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Hot water and long pipes

Every now and then, I see somebody who -just as Russell did today- talks about the advantages of water heating systems not being tank-based, but tankless! Sounds kewl, hah? Shiny, new?
Well… I live at a house that is slowly but steadily started to show its age. Built in 1955 and owned for almost two decades by the very renowned phycisist (of course, my father’s mentor and teacher) Marcos Moshinsky, my parents bought it in 1974, and it has been my home since 1976. And, at least since 1980 (I cannot be sure about earlier events for reasons that might be obvious to the casual reader), we have always had an Calentador Ascot de paso. Ascot (and further companies that have bought their name) have manufacutred this kind of water heaters for at least 60 years in Mexico. Yes, they are gas-based and not electricals like the ones Rusell links to, but that might just be because in Mexico gas has always been incredibly cheaper than electricity. And yes, the heater is godsent for ecolocigally conscious people - No more storing 20 to 40 lt (the sizes of the usual storage-based tanks around here) of hot water all day around just because you might want to take a shower, no more waiting for 20 minutes after you turn it on until you start having your morning shower (and more important, no more taking your morning shower ice-cold just because you overslept!)
Yes, it seems like life is perfect with our tankless (de paso) system… Almost.
As I said, our house was built over 50 years ago. It was built on what intended by then to be a middle-upper class suburb, on a very modern house with fancy stuff and all. And of course, the heater was not planned for the most visible or hearable areas of the house - specifically, nowhere close the living room - or the bedrooms. Silly details, the bathrooms are close to those areas. So, what’s the answer? Want to take a shower? Ok, open the water…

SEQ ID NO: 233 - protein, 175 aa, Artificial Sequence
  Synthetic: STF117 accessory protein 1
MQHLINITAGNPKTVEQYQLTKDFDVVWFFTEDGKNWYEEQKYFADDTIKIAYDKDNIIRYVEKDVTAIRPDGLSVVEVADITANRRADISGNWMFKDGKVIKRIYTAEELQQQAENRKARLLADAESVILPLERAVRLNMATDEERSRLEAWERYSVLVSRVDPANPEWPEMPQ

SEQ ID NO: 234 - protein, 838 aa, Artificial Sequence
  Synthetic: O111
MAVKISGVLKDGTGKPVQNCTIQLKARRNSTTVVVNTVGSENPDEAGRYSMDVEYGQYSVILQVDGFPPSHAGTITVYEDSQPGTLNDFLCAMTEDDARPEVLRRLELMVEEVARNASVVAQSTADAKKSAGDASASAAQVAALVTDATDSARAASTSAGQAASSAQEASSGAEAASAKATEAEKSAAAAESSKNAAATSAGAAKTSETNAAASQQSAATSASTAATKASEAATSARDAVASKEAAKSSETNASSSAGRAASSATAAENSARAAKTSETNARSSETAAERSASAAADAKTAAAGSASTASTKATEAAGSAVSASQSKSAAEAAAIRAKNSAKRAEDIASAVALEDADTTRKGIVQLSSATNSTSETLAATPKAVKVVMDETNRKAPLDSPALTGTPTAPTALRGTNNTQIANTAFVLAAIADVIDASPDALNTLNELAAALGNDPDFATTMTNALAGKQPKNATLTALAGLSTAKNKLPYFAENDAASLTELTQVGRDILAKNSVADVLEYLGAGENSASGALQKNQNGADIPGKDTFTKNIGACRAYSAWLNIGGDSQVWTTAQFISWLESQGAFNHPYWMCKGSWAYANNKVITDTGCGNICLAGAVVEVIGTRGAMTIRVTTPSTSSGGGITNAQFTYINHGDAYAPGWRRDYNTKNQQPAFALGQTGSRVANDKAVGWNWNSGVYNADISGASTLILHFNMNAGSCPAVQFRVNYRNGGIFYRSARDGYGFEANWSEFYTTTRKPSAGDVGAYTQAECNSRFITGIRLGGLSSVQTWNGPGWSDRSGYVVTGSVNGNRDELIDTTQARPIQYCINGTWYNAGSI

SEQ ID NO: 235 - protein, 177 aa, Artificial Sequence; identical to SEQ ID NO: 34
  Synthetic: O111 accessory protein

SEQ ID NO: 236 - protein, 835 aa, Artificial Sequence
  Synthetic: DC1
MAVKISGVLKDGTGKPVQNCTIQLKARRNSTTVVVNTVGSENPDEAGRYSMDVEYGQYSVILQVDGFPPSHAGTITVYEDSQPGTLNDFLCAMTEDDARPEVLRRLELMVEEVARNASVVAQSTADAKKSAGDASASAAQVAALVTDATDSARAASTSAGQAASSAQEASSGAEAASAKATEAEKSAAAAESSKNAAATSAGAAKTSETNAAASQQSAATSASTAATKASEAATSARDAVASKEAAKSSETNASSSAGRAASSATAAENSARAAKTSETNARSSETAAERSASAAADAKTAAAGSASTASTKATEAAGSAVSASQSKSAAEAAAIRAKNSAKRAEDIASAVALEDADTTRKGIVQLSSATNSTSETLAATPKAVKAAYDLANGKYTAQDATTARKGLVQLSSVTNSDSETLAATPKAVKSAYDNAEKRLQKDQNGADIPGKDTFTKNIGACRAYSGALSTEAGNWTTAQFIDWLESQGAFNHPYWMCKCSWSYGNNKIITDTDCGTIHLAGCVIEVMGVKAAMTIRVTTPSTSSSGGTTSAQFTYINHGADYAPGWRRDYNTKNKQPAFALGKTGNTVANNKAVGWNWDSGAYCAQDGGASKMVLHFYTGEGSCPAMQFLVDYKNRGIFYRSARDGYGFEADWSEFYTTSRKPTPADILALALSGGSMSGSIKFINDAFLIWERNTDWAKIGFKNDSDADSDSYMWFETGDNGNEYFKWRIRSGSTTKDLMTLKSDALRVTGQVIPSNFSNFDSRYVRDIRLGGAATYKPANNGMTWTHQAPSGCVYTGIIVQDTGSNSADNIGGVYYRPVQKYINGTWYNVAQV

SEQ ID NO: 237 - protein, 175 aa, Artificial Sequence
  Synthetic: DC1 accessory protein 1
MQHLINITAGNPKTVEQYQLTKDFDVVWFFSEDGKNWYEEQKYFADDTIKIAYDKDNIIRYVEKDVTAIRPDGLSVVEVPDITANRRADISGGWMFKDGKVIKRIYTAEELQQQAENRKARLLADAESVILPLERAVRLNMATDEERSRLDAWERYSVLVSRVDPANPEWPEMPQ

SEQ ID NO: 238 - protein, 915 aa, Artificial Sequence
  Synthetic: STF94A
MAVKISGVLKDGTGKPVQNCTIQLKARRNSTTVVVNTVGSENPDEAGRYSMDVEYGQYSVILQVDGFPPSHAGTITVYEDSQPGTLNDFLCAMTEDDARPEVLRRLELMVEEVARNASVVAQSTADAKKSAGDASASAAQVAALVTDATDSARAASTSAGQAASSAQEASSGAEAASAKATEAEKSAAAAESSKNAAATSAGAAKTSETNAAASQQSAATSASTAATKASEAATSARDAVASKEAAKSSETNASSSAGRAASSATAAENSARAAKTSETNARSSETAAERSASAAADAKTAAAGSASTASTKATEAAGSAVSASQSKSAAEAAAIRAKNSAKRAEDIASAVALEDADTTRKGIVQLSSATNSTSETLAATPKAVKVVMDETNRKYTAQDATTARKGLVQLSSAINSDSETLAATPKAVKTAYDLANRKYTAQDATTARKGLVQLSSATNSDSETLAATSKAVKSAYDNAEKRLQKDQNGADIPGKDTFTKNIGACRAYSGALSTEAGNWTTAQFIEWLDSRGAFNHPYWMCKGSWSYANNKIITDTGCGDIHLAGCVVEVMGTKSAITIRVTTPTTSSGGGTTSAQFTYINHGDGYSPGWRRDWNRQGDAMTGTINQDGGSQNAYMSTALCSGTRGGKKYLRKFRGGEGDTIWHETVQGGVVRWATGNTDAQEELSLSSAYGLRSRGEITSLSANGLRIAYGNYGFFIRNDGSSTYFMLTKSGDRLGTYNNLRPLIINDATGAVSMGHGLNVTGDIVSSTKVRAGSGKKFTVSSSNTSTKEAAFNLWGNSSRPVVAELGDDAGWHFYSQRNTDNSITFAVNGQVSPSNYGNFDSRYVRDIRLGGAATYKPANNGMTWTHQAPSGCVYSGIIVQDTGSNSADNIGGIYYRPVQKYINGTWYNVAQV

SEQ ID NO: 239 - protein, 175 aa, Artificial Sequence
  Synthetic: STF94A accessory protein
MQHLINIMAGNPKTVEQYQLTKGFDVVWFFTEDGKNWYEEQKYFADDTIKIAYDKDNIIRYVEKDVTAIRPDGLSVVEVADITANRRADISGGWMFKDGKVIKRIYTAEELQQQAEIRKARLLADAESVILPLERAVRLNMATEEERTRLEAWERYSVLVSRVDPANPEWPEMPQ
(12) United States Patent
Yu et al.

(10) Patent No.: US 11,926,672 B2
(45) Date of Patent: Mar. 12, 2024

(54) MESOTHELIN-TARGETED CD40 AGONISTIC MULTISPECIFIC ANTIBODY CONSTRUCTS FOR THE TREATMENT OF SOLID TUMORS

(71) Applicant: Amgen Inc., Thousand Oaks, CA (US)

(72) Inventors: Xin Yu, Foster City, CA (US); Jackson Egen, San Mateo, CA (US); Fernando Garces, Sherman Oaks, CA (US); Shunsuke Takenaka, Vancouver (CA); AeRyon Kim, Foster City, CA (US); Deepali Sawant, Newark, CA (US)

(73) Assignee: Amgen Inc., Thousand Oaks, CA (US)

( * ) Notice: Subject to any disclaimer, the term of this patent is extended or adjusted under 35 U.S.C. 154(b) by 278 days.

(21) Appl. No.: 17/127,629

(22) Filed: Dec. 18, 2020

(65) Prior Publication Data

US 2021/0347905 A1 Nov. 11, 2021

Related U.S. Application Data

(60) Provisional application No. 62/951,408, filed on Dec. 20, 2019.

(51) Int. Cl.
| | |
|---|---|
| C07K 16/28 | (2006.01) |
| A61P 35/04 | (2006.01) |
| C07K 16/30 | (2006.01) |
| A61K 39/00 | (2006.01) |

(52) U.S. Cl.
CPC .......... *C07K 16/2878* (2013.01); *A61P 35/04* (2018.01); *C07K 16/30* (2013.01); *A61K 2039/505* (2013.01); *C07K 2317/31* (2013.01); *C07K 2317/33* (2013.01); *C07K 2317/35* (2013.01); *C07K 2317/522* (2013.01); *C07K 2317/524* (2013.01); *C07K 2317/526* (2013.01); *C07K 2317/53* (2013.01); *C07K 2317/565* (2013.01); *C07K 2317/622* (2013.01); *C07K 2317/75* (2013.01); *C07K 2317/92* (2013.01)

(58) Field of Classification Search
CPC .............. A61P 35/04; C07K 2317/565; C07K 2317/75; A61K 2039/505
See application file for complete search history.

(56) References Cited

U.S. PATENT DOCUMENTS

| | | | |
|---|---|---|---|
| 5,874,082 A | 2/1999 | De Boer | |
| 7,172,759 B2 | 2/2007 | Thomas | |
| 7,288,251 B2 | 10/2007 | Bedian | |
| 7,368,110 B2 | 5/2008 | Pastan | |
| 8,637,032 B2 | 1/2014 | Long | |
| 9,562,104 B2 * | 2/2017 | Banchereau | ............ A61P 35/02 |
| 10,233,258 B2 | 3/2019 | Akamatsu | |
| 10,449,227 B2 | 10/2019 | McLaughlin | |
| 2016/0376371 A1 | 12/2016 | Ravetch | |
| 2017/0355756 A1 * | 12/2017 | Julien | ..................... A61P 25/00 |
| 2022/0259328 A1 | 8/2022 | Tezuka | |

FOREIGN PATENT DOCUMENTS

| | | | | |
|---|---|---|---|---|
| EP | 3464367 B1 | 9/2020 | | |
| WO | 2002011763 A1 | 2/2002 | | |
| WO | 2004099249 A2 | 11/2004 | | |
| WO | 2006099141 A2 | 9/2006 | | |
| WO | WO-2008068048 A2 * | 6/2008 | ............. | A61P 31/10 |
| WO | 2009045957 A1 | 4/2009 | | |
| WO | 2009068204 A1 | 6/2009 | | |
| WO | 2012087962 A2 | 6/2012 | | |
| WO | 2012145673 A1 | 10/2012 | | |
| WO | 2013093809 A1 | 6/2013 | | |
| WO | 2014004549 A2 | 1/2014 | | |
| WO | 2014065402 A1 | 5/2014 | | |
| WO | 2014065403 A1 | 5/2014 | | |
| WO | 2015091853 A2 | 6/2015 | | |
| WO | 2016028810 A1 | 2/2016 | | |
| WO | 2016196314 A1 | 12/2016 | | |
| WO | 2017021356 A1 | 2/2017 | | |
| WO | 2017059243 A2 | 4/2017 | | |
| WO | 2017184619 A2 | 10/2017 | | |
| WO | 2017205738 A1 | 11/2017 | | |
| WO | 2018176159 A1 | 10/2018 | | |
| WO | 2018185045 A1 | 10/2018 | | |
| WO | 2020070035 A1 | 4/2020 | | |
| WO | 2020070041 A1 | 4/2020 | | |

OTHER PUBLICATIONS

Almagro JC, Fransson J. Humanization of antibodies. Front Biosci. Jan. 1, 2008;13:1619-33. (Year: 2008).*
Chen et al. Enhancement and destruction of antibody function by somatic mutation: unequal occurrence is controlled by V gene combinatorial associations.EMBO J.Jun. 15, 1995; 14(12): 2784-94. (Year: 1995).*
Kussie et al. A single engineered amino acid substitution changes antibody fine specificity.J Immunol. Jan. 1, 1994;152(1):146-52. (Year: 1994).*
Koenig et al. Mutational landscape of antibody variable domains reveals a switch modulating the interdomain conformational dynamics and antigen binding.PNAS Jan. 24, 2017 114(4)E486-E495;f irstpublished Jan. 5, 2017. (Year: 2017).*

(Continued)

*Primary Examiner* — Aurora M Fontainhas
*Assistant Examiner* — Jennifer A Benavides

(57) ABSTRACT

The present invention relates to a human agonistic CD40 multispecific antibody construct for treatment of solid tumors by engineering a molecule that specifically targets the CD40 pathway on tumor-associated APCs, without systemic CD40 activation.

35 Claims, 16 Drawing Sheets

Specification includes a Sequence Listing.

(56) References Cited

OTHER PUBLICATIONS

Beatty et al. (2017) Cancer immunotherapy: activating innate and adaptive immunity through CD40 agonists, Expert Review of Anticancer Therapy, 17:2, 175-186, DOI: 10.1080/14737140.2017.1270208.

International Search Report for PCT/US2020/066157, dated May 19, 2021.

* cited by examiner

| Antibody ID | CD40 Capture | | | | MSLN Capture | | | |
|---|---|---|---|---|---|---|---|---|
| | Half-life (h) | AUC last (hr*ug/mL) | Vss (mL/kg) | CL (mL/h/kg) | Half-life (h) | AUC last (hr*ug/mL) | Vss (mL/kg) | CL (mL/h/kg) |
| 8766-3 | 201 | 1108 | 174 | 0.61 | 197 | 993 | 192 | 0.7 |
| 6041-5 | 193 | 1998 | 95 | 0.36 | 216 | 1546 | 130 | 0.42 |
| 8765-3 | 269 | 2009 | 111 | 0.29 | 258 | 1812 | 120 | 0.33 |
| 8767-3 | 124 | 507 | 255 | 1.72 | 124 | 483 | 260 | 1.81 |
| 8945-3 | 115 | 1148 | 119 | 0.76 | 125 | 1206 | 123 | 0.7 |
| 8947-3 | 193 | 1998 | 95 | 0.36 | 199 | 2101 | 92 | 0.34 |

And wait.
For around 3-5 minutes, until the hot water finishes the looong ride from the opposite corner of the house.
Of course, it takes a path that’s not easy to intercept in order to move the heater to a saner place: The hot water pipe goes right under the middle of the living room, yay.
So we use our fancy de paso system whenever we are too lazy. Nadezhda and I prefer to fill one hot water bucket (~20lt) for each in the washing room, just by the kitchen (and the heater, of course!) and throw hot water over us to get a nice bath. Or, in case we are too lazy for that, collect as much as possible from the otherwise-wasted hot water in another bucket (we usually get ~10lt - but I fear another such amount just falls around it) and use it later for our various household duties.


Gunnar 2007-07-30 18:29:16

Re: Re: Hot water and long pipes

It’s even simpler than that: We only have one place that truly requires hot water: The bathroom. We don’t use a dishwasher, and we almost always (hand)wash the dishes with cold water. The bathrooms are located one on top of the other. Having, as you say, the heater just by the bathroom would be ideal… :-/

Zack Weinberg 2007-07-30 17:51:16

Re: Hot water and long pipes

The system you’re describing sounds like it has just one heater for the whole house. Seems to me the problem you describe would go away if there were one heater for each hot water outlet. This would also allow even bigger energy savings, simpler overall piping - just one pipe to each point of use - and different heater presets for different uses (hotter water for the dishwasher, for instance)…